A feral crossbred ewe with extremely long wool could soon become the stuff of legends when she is shorn for the first time on Sunday.
The animal was captured on a remote bluff in the Mapiu district south of Te Kuiti, by Amie Ritchie and Carla Clark.
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Named Suzy by her captors, the ewe is believed to have never been shorn.
Suzy's first shearing will take place in Masterton at The Wool Shed, the national museum of sheep and shearing.
She will be hand-shorn with blade shears by world record holder Peter Casserly, who also did the honours for Shrek, the famous merino sheep discovered at Bendigo Station in 2004.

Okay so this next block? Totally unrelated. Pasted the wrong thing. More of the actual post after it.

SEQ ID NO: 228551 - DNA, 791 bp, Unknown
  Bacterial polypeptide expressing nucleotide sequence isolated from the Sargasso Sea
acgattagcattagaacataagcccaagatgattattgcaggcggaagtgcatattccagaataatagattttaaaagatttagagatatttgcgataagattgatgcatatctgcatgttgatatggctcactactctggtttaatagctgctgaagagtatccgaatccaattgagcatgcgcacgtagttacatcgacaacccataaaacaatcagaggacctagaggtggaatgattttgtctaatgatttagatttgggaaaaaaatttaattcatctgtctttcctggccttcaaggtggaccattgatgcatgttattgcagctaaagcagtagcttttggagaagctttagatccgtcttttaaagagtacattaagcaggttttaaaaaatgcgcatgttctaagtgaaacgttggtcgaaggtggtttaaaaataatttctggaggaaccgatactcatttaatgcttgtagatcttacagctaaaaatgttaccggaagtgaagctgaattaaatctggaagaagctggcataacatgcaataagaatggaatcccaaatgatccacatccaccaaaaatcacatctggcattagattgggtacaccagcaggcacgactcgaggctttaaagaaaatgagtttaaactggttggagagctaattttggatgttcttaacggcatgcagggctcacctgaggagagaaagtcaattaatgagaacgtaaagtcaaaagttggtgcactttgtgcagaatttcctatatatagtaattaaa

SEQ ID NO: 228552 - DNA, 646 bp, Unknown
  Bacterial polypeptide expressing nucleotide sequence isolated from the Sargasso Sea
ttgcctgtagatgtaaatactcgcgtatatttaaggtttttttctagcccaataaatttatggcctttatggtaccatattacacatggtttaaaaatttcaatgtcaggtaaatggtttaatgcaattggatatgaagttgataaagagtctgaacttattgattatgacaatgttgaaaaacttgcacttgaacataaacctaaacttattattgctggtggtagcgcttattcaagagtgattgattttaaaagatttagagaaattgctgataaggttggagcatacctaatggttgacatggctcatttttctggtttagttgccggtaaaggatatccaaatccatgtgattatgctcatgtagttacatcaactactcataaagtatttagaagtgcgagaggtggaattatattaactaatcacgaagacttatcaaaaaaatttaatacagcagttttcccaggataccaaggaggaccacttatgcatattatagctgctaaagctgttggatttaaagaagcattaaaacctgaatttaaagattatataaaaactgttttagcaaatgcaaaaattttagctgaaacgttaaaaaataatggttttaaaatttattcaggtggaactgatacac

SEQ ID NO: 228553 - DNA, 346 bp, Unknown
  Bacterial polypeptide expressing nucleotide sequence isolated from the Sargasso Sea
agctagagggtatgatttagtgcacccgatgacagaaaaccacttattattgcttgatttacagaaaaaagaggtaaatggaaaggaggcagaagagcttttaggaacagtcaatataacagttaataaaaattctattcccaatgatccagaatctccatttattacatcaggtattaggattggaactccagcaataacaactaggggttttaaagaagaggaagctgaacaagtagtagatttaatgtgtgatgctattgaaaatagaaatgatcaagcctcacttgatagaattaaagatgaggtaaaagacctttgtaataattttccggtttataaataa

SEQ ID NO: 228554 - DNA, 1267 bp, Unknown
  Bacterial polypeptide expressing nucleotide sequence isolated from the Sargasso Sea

"We'll be putting Suzy forward to the Guinness Book of Records," said Gavin Tankersley, chairman of the trust that administers The Wool Shed.
"We aim to establish a record for the longest staple of wool ever shorn from a sheep," he said.
However the world record could be a big ask for Suzy.
While she has an enormous fleece, Suzy is a crossbred sheep, so her total fleece weight is unlikely to beat the world record, which favours the merino breed.
The weight record was initially claimed by Shrek and is now held by 'Chris the Sheep', from Canberra, Australia.
The event will take place at 1pm on Sunday, October 14, at The Wool Shed on 12 Dixon Street, Masterton.